Fundamental to recovering our doctrines is the authority of Scripture. The problems we face today are really symptoms of a deeper problem that the church today fails to pay regard to the authority of Scripture. The Bible is inspired and revealed and is utterly trustworthy and I believe we need to recover our belief in this eternal truth.  Paul in 1 Cor 1:21 writes “…God was pleased through the foolishness of what was preached to save those who believe.”  This is still our message today. Martin Luther spoke passionately of letting the Word do its work explaining in typical Luther style that he did nothing, the Word did everything, that whilst he slept or drank beer with his friends the Word was doing its work. 

Let God be God

In 1517 Luther produced his famous 95 theses that started the chain of events that led to the Reformation. These were however just a protest against the abuse of indulgences and really contain no Reformation theology. Yet a short time before Luther had produced his less famous 97 theses (Disputation against Scholastic Theology) and these were dynamite, full of prototype Reformation thinking. One of these, number 17 declared that man’s fundamental problem is that he does not want God to be God, he himself wants to be God (from Genesis 3 onwards).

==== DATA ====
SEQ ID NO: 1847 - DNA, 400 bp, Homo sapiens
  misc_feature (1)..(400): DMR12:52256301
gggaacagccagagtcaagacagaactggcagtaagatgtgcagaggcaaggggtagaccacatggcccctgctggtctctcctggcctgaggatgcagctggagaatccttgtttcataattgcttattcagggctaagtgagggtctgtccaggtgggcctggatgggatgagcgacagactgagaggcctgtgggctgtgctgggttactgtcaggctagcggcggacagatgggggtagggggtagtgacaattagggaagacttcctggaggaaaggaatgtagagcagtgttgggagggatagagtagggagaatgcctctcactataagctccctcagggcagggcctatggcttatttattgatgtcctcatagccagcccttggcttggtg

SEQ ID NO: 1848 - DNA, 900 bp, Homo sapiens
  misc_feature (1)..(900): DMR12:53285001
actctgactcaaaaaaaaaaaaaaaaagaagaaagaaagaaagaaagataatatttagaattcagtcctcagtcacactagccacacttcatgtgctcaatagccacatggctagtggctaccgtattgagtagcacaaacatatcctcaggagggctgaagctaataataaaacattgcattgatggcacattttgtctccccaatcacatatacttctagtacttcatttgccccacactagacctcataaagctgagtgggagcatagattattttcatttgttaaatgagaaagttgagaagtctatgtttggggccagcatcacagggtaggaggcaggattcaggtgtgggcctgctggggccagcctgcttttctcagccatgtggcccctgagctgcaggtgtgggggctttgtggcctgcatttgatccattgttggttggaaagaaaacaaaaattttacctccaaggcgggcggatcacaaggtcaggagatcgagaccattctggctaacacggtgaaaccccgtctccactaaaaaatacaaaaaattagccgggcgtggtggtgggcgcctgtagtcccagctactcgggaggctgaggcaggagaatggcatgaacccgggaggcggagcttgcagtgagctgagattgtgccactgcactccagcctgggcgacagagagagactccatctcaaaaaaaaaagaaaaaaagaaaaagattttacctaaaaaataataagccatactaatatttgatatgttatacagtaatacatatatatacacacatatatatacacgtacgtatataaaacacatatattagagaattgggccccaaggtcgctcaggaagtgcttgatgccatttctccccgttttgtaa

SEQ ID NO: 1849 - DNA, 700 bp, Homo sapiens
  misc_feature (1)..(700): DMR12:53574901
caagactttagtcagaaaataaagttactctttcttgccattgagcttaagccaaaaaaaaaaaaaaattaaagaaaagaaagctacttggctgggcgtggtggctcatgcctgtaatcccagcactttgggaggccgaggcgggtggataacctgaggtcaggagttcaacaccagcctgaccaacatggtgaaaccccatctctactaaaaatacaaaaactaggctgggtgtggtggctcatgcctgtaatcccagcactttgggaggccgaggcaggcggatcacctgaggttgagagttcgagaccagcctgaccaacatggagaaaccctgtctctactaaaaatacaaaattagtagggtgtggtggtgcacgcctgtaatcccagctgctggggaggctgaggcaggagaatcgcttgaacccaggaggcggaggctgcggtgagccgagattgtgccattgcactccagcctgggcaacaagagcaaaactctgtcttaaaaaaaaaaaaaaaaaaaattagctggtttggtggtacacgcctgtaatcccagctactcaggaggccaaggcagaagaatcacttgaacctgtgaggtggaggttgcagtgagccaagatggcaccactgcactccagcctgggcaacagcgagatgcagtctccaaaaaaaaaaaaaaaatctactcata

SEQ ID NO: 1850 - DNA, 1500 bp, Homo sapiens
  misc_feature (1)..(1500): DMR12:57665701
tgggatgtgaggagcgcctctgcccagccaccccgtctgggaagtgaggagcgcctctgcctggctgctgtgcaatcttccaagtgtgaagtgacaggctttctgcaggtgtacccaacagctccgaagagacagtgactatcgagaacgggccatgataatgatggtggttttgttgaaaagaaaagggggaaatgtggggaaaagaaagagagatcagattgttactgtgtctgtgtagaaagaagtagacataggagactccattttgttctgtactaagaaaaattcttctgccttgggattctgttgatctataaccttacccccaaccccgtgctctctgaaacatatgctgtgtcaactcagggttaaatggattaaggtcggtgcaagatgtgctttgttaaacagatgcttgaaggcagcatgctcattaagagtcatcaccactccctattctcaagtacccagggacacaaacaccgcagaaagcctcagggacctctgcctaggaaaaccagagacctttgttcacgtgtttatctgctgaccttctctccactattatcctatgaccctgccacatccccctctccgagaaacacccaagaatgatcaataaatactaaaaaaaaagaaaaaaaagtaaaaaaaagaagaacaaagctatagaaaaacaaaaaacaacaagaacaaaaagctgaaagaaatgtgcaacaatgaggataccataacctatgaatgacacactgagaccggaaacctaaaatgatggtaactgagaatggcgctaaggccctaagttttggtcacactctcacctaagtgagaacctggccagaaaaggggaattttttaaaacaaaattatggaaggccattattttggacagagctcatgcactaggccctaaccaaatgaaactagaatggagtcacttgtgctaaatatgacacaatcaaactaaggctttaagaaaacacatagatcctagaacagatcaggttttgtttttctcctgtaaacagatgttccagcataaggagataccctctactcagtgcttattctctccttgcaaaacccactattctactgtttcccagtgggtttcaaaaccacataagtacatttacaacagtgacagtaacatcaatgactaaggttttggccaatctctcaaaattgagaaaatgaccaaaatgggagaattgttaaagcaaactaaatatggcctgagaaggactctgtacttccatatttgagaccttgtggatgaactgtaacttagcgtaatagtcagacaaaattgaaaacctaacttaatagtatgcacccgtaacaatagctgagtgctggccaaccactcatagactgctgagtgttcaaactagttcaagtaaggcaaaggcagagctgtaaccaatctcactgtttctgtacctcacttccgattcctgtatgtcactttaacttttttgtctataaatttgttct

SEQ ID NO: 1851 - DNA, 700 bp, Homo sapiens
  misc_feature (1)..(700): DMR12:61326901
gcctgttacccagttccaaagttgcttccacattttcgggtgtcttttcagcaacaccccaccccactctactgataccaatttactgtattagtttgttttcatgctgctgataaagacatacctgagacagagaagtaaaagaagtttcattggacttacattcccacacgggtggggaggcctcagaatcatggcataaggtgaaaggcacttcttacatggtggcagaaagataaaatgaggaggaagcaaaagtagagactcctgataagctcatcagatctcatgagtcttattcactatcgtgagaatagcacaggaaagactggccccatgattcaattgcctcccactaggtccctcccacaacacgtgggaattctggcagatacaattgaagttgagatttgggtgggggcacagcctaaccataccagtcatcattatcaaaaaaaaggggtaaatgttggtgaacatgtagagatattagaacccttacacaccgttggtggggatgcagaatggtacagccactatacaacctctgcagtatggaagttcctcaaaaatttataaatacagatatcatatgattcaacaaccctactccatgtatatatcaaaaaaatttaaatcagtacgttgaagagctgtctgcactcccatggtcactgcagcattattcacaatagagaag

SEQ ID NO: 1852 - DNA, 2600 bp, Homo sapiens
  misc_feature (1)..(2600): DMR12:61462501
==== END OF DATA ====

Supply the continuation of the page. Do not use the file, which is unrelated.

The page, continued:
Evangelicals are often not exempt from this when we organise in human terms often behaving like a business and ask for God’s Blessing on it. In contrast dig back to the wells of the early church, Wesley, and our Primitive Methodist forefathers where they prayed first before doing anything not afterwards. Thus, in our response to coronavirus may we let God be God in all we do.  

Review what we have been doing     

The modern church has never been more organised. She has never had so many resources albeit many plundered from the business world. She has never been busier or saturated with training and meetings and events. Yet she has rarely been weaker and so ineffective. Now is the time to review all we do our meetings and activities. Sometimes there is a danger that we are a community centre with little Gospel proclamation. The metric is often the weekly footfall of the number of people coming into the building but how many of our activities bring people to receive the Lord Jesus? Dr Sangster asked the question “Is Methodism a machine or a message?” This question was a chapter in his 1938 book “Methodism Can be Born Again” dedicated to the “People called Methodists with much affection and warm gratitude but in deep concern.”. Here is the opportunity to review through Scripture and prayer all we do.

Recover Evangelical Zeal for Social Justice